I recently attended the wedding of my nephew to a wonderful Godly young woman. It was a grand, celebratory occasion. I gathered with two of my kids, and their spouses, my sisters and their husbands, and my brothers and their wives. We sat around our table laughing and remembering the crazy things that happened at our own weddings. I reveled in the fact that all us are on our first and only marriages and all lasting many years (from my little brother at 18 to my oldest sister at 48 years). During a lull in the conversation I glanced over at the bride and groom and smiled at the look of promise, hope, and love in their eyes.
Thirty-seven years ago this July 1, I was one of those brides. Looking back I realize how little I knew about marriage. Not long after our wedding, I came to realize that marriage is not all romance and flowers, and my husband realized that I would not always be at the door when he came home with dinner on the table and slippers in hand.
Both my husband and I have had to adjust our expectations of marriage and our life together. I thought he would always pick up his own clothes, he thought I would always put the cap back on the toothpaste. We both thought our spouses would always put our needs above their own. Somewhere is the process of the “Will you marry me?” and the “I dos” we forgot we each were marrying sinners. Fortunately, we are sinners saved and sanctified by a longsuffering God who refines us continually.
I wince at the line in so many movies where two people are seeking their soul mates. I am not sure we marry our soul mates, but I know that we can become those soul mates for one another.
God’s plan for marriage is to use us and our spouses to sanctify each other. Like sandpaper on wood, we rub, scrub and scour one another within the most intimate of relationships this side of heaven. We chafe, we irritate, we sin, we repent, we reconcile, we are changed. And it is all part of God’s plan.
I think we have bought into the false notion that marriage will be comfortable, easy and we will always get along and agree. I’ve heard friends say, “it shouldn’t be this hard!” In his book, What Did You Expect, Paul Tripp says “God has designed marriage to be one of his most effective tools toward personal holiness. Your differences and difficulties that they place you in are not a sign that God has forgotten you…they are not an interruption of his plan; they are part of his plan. “
Paul also says “when viewing our differences in marriage it is important to remember that these things are not to be viewed as the potholes to be avoided on the road to a good marriage but as effective instruments of change in the hands of a loving, wise and faithful Redeemer. “
When I came to see God’s true purpose for me in my marriage, it changed my point of view drastically. I stopped trying to be a better wife and mother and focused instead on becoming a woman of God pursuing holiness, which made me a better wife and mother. It became not about what I was trying to do, but what God was doing in me. Because God loves me, I then want to respect and love my husband and live out the gospel in my marriage on a daily basis.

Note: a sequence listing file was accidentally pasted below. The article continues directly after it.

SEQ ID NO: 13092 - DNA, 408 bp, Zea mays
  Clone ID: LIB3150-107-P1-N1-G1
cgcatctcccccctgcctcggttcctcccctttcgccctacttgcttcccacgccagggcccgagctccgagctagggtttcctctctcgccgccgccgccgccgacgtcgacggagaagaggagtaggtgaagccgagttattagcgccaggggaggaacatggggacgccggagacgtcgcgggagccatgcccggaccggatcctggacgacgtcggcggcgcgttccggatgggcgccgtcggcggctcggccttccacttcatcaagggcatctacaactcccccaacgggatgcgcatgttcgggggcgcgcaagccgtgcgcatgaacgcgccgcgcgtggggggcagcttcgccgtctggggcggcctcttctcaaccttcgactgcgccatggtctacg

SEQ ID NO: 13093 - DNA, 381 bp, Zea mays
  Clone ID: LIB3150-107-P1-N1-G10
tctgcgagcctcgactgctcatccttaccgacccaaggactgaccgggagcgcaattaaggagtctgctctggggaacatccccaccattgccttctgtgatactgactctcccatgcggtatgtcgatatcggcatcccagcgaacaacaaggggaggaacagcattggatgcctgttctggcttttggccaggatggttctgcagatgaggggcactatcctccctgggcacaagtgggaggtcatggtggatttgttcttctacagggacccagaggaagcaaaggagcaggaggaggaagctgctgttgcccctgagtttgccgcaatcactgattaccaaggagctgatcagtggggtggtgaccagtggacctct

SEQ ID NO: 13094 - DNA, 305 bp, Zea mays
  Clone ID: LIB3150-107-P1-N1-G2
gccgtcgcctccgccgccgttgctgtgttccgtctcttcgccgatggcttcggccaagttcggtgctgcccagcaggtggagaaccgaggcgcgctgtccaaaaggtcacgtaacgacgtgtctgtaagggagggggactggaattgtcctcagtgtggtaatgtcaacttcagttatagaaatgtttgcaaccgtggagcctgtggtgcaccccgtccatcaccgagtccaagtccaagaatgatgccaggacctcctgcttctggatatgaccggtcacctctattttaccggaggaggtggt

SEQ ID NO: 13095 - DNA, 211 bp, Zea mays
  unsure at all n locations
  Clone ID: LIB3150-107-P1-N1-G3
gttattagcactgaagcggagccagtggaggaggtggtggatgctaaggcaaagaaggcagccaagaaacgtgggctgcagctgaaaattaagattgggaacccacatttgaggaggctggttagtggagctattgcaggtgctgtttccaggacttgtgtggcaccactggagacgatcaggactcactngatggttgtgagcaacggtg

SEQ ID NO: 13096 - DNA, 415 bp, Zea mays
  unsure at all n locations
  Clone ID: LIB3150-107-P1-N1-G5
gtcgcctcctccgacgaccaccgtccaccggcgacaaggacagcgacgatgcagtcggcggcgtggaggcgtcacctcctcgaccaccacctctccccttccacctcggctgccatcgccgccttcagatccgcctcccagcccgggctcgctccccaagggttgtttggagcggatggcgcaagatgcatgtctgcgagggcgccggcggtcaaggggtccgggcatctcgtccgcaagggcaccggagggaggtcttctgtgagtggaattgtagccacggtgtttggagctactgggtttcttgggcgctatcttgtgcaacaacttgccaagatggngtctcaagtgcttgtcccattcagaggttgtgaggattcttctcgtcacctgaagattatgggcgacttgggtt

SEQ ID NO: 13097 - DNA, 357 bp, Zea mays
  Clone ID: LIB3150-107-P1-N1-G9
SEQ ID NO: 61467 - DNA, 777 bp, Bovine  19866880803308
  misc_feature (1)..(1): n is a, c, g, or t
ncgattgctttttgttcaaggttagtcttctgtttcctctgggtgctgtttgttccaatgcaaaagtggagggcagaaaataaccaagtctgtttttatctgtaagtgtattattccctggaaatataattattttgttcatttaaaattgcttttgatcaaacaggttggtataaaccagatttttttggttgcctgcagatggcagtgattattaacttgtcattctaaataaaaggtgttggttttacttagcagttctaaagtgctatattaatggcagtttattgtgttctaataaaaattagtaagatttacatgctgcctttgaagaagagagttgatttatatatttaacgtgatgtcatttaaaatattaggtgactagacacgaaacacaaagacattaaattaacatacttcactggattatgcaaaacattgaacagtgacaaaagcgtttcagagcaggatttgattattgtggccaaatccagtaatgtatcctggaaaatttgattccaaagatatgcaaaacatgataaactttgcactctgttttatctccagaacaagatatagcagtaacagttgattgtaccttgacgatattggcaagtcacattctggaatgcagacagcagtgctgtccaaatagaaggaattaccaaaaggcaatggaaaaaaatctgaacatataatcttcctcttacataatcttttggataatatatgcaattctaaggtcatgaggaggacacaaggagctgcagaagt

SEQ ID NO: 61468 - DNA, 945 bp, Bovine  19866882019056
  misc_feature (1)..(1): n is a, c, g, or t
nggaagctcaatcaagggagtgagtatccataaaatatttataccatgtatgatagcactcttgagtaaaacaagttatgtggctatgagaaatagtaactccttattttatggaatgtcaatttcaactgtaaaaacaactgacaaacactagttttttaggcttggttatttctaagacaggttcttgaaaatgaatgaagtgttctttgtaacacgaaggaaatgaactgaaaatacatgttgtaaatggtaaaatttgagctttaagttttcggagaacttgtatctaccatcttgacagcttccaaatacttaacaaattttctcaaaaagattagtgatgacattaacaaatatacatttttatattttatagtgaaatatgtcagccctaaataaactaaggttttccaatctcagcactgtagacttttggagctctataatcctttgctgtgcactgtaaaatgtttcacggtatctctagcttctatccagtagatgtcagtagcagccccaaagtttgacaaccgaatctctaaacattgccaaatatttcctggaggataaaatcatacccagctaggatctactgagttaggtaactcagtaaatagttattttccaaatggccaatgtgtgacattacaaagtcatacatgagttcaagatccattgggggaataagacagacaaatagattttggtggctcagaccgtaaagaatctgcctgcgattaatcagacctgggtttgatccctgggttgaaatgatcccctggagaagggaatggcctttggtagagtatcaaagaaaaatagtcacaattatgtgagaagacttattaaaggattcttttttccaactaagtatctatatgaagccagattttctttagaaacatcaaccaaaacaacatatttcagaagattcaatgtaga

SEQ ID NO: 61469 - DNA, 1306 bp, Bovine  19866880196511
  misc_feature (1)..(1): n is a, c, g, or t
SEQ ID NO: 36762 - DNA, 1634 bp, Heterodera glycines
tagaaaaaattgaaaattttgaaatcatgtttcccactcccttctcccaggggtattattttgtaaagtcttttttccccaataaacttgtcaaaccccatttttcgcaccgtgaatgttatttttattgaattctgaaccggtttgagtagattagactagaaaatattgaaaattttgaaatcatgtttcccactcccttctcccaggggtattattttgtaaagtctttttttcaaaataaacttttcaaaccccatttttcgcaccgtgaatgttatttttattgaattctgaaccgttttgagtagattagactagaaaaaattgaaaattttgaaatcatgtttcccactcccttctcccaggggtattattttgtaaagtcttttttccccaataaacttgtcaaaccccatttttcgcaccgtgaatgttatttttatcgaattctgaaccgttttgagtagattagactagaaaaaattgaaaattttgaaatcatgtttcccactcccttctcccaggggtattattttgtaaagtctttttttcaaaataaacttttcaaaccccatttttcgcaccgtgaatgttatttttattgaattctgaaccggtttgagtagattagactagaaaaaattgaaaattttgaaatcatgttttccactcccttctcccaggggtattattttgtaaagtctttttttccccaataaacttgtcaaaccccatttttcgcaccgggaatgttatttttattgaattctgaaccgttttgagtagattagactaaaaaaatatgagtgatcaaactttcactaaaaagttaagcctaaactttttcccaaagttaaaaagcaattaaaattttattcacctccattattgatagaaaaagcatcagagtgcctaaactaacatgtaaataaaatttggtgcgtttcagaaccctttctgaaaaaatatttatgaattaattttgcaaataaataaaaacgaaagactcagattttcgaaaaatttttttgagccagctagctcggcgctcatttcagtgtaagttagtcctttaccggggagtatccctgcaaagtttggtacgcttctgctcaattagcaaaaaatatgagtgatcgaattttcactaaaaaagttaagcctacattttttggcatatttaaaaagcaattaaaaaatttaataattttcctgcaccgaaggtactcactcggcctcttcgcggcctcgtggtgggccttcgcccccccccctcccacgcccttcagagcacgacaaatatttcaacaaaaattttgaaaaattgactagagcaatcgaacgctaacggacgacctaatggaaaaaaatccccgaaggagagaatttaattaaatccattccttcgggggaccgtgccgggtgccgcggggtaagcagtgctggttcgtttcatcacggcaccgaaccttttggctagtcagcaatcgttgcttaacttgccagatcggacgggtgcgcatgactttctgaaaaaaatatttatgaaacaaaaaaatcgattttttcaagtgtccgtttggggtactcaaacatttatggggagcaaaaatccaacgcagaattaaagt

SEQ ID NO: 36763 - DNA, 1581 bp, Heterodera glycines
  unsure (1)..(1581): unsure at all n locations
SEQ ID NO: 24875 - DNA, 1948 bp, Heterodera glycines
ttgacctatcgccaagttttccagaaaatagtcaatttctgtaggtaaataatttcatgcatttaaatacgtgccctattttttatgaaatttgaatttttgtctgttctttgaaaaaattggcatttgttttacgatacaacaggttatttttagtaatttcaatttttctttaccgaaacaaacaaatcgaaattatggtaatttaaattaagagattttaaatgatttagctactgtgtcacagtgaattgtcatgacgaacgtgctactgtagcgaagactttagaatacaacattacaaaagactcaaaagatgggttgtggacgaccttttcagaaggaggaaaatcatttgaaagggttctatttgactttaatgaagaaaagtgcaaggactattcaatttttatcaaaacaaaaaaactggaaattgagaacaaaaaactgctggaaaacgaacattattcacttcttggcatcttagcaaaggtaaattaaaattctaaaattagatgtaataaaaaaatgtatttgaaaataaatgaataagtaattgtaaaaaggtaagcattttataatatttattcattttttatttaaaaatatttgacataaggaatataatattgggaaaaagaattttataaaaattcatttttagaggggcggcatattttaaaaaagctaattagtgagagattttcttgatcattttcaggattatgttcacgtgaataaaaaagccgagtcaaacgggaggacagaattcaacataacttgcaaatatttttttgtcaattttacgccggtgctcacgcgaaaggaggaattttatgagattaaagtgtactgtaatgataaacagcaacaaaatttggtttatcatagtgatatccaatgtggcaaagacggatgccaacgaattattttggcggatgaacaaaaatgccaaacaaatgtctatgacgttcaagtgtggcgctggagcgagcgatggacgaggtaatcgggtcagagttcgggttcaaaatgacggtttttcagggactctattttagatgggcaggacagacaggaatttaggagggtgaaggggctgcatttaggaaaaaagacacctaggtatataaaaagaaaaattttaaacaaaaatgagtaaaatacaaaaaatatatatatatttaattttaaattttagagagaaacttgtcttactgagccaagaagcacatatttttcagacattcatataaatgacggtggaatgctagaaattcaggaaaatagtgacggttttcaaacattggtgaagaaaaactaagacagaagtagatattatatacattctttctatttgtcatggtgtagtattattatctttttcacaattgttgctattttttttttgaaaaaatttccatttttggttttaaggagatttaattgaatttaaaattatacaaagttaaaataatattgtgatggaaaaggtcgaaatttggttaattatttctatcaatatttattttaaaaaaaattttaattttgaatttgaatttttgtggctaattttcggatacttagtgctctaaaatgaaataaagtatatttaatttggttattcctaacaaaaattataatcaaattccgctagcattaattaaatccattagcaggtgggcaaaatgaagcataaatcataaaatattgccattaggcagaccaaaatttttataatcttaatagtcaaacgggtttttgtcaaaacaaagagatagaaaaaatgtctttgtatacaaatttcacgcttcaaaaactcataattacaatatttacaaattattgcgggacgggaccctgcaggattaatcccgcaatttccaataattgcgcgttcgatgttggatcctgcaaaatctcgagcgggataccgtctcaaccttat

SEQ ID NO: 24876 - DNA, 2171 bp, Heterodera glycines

Balancing family, an outside, job, and ministry life as a young woman was difficult for me for many years. I often felt cheated out of “me time”; resentment would grow, and I would neglect nurturing the one earthly relationship that God views as “holy.” I am thankful for God and my husband helping me to root out my sin, thankful for confession, repentance and reconciliation. I am thankful that because of their patience and love I now see a bit more of Jesus in me.
I am very fortunate and blessed that I married a man who was also committed to allowing God to refine him. Confession, repentance, and reconciliation have become a part of our relationship. He is committed to loving me as Christ loved the church, and I am committed to respecting him, both out of obedience to God. We have learned to major on the majors and not on the minors. We have learned that our differences are often a matter of tastes and preferences. If the clothes do not make it into the hamper it is ok. It is not a statement on our relationship.
I Corinthians has often been called the “love chapter” and is read at many weddings. I love the way it is worded in The Message Bible,
Love never gives up.
Love cares more for others than for self.
Love doesn’t want what it doesn’t have.
Love doesn’t strut,
Doesn’t have a swelled head,
Doesn’t force itself on others,
Isn’t always “me first,”
Doesn’t fly off the handle,
Doesn’t keep score of the sins of others,
Doesn’t revel when others grovel,
Takes pleasure in the flowering of truth,
Puts up with anything,
Trusts God always,
Always looks for the best,
Never looks back,
But keeps going to the end.
You can hear many statistics on the divorce rate in America both in and out of church. I don’t know why some marriages fail and others succeed. I only know why mine has and it is summed up in the last verse of 1 Corinthians 13…
Trust steadily in God, hope unswervingly, love extravagantly ( I Cor 13:13). Now that’s great marriage advice.